posted by Ruthless Bunny at 7:53 AM on February 12, 2015

Best answer: I'd shred the meat and serve over polenta or mashed potatoes with something like a brandy cream sauce. You're going to want some kind of sauce to help cancel out the dryness of the meat; a brandy cream sauce will be flavor full and still part of the classic French flavours your original recipe called for, so it should match up well with the beef.
posted by maggiepolitt at 8:23 AM on February 12, 2015 [2 favorites]

I would toss them into some mac and cheese. Fancy proteins in mac and cheese is why lobster m&c feels so decadent to me.
posted by xingcat at 8:44 AM on February 12, 2015 [1 favorite]

Best answer: I would shred the meat and make a red wine reduction. (Simply - just put red wine and beef broth in a sauce pan and heat it until it thickens up a little. You could cheat and put a little flour in if you're careful and impatient.) Put a little thyme, celery salt, and black pepper in it.

Then, take a lardon, or a slice of bacon, cook it in a pan to get the fat, and lightly sautee some pearl onions and thin-sliced baby portobella mushrooms in the bacon fat. Do the thing the recipe you linked has with the chard, and put the onions and the mushrooms on it.

Make mashed potatoes. (Perhaps with roasted garlic!) Plate it all and spoon some of the red wine reduction on the meat and "salad". Bam! Gourmet dinner.
posted by mrgoat at 9:02 AM on February 12, 2015

Best answer: For future reference, braising is better done at lower temperatures--think closer to 110C, for a couple hours longer.

As long as they don't taste burnt, you're probably fine--just braise again, and be sure to serve with a sauce to combat any dryness. That burnt-to-the-pan flavour tends to linger, though.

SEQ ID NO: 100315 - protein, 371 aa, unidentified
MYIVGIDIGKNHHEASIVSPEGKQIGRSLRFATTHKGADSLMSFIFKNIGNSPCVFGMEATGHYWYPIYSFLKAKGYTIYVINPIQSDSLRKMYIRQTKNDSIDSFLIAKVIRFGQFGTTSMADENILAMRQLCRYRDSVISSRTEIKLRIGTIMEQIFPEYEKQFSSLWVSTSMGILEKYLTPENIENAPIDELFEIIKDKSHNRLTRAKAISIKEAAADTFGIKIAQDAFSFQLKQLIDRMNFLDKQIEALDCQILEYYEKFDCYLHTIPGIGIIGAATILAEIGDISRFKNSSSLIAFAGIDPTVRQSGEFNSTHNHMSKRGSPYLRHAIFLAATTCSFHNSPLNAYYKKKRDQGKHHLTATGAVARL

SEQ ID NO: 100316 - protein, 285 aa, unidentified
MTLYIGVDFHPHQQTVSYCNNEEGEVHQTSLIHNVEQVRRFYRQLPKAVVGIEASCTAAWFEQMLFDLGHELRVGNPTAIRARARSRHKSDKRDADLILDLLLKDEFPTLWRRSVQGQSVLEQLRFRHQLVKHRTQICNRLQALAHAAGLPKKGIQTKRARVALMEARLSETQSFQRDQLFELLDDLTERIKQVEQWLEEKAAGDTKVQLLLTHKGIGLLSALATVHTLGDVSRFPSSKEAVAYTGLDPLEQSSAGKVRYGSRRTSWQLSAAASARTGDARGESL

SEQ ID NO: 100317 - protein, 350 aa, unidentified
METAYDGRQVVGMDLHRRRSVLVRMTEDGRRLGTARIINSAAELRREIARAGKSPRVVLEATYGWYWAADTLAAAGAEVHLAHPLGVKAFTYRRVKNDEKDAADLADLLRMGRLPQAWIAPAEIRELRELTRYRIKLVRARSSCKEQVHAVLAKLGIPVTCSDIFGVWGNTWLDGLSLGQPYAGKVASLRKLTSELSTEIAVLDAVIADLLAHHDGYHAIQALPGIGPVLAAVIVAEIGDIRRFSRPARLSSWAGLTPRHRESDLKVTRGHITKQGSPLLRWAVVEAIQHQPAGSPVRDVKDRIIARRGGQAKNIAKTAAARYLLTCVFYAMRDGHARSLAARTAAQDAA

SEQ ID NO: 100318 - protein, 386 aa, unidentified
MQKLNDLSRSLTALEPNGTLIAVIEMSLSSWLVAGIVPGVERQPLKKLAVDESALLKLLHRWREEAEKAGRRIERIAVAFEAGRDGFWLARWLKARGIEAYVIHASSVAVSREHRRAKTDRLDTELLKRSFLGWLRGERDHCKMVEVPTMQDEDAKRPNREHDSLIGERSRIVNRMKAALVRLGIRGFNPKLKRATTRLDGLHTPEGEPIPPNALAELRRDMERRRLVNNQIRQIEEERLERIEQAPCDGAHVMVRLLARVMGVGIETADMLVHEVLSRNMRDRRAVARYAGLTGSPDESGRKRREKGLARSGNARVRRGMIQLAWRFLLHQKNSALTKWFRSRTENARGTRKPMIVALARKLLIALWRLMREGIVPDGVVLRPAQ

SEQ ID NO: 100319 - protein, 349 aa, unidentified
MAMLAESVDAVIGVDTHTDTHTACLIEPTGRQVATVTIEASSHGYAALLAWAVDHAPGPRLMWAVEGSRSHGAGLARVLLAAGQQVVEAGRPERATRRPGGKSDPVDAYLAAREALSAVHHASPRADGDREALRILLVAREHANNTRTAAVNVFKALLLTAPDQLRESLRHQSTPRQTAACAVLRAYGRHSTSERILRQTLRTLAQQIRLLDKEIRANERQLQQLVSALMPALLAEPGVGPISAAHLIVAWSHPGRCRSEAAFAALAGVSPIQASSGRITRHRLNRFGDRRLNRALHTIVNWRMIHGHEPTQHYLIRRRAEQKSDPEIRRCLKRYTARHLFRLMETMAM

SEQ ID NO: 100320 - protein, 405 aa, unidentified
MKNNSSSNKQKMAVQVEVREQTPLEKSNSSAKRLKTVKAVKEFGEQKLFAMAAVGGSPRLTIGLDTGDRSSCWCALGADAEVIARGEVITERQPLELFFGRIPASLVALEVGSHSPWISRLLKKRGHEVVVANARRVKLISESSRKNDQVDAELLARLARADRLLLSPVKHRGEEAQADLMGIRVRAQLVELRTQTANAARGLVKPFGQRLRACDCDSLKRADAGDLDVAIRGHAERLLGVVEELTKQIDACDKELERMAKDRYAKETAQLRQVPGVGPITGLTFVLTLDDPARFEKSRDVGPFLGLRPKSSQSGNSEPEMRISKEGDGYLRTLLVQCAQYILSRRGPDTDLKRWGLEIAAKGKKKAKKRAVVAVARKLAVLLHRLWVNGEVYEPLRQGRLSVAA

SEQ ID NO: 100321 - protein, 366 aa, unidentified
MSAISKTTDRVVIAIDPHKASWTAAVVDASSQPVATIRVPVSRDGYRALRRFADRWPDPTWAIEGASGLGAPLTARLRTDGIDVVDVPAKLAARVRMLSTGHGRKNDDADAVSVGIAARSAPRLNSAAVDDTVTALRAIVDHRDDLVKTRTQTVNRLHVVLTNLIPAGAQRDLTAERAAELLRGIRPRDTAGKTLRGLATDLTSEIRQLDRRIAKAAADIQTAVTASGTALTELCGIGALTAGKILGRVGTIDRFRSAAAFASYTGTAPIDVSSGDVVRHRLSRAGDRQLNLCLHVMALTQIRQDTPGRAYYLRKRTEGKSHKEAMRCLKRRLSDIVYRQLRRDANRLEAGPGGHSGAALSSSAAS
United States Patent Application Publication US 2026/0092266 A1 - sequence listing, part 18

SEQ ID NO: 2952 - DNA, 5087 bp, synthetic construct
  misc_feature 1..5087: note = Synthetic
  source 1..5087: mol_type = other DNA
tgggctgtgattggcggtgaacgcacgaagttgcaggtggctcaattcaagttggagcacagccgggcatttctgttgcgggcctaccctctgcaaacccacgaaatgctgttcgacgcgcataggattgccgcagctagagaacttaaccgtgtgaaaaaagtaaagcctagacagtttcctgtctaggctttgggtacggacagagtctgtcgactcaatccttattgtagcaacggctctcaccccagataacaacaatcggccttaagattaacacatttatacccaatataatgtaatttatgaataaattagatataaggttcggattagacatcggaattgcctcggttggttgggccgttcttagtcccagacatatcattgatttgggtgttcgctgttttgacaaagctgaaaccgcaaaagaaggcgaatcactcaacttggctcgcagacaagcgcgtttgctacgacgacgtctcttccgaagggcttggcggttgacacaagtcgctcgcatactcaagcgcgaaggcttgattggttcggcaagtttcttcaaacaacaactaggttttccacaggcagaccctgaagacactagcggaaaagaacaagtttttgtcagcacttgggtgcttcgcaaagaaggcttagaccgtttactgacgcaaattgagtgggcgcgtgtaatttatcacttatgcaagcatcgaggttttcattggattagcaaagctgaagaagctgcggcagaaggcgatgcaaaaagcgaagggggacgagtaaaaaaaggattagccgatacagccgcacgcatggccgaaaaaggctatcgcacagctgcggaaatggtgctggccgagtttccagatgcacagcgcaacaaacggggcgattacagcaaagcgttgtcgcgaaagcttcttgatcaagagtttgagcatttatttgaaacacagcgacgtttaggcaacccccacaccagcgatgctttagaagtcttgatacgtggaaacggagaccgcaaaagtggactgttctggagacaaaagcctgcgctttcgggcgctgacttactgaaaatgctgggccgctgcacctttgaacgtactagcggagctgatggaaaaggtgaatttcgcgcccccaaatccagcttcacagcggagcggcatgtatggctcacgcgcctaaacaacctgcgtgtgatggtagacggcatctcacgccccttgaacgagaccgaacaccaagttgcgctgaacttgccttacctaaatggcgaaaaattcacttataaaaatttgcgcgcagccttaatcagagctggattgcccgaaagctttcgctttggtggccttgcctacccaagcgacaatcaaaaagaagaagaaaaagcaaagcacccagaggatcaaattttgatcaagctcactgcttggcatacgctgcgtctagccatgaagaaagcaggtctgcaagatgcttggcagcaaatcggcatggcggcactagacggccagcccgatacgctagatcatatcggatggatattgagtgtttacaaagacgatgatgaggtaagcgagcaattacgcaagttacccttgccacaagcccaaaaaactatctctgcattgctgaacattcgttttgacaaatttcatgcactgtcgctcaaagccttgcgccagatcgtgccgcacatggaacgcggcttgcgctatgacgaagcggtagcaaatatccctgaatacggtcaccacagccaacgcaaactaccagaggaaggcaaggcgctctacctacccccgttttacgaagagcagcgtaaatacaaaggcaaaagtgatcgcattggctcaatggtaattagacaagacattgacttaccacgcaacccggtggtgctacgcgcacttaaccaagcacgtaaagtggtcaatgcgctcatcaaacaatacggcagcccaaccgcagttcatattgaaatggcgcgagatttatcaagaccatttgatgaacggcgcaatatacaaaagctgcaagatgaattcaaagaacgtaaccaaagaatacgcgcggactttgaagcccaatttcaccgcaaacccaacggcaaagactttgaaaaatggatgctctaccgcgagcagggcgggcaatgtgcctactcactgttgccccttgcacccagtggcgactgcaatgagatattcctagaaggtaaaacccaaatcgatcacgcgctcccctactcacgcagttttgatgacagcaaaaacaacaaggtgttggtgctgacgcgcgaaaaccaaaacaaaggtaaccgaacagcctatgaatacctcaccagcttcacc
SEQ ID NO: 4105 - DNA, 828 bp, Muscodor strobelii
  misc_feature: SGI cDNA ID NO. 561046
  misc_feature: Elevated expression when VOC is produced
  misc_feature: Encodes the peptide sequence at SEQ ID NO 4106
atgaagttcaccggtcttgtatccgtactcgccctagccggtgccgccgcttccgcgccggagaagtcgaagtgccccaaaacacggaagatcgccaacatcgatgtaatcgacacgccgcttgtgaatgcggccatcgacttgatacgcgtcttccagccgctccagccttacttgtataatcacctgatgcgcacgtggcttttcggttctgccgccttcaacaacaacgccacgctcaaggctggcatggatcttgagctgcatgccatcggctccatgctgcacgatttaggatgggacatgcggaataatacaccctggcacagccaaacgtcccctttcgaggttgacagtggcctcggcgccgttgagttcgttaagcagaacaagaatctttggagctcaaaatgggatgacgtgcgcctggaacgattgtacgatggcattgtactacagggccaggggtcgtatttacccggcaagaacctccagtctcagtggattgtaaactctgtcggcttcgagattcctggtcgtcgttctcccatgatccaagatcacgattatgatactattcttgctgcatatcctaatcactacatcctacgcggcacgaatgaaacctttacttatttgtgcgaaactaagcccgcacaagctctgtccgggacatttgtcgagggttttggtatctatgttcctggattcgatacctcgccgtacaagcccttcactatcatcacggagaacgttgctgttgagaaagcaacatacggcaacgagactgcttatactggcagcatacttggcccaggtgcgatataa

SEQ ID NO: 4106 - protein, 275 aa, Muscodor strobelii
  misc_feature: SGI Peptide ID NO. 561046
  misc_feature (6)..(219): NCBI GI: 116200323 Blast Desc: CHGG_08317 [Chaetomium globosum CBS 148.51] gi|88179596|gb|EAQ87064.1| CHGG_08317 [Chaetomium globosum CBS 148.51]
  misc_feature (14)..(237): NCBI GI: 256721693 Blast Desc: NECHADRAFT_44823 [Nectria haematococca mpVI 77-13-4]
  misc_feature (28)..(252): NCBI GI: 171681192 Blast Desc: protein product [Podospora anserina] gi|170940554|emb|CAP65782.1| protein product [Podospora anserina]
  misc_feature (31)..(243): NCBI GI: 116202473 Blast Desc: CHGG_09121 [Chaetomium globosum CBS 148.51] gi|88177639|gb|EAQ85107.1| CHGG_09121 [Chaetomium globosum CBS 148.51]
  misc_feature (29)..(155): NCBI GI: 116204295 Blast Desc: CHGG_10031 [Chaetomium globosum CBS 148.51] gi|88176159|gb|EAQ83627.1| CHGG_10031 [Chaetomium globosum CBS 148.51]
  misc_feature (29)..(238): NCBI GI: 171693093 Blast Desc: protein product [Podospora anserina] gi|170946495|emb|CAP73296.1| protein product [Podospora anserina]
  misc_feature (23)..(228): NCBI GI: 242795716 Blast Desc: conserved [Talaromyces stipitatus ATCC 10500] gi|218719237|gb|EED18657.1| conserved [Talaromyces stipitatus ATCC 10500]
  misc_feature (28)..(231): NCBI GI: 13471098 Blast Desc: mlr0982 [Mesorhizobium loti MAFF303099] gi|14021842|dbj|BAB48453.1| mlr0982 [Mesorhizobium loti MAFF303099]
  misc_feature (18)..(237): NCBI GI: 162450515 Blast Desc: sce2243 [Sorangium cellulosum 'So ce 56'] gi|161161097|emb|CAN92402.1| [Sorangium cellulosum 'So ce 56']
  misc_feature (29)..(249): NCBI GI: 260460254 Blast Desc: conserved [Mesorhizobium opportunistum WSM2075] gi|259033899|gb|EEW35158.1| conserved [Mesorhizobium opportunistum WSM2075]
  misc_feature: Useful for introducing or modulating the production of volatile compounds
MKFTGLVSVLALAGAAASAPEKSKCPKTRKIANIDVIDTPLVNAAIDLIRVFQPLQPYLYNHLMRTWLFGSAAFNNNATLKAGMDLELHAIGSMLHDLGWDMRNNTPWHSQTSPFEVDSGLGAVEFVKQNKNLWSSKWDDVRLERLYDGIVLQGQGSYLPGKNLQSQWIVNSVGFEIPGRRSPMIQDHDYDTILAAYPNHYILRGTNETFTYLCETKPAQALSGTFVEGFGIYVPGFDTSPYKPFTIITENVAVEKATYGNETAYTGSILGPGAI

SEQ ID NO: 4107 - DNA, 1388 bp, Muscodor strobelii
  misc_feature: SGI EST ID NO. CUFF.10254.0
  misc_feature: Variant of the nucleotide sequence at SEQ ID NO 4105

posted by feckless fecal fear mongering at 9:15 AM on February 12, 2015

I don't have any suggestions for saving the ribs, but I can't help wondering why, unless it was a disposable aluminum one, you'd have to throw the pan away. Soak it in some hot water and baking soda for a couple of hours and then scrub away.
posted by bricoleur at 10:01 AM on February 12, 2015 [1 favorite]

If you're not Sous Vide-ing short ribs, you're doing them wrong.
posted by Sphinx at 10:32 PM on February 12, 2015

Response by poster: Thanks to everyone who answered! Here's what I ended up doing: I did think of tacos or something similar, but I was hoping to somewhat preserve the idea of the meal I'd intended. (If I were making it only for myself, they'd have made pretty tasty tacos I think.) Maggiepolitt got me started on some good ideas as far as shredding/saucing as did mrgoat. By this time I'd been wondering if I could braise it again, and then fffm answered that.

I ended up braising it again in broth and red wine, then skimming the fat off that and reducing it to serve as sauce. I didn't have to shred the meat, although it might have been better if I had. As it was, we had an okay if not spectacular meat component to the dinner.

And to answer bricoleur's query: yeah, it wasn't a disposable aluminum pan, but it did cost a whopping €1.50. I do know how to clean a pan, but soaking and scrubbing the heavily burnt-on remains was really not worth it to me at that price.

Thanks again, all!
posted by tiger tiger at 5:20 AM on February 15, 2015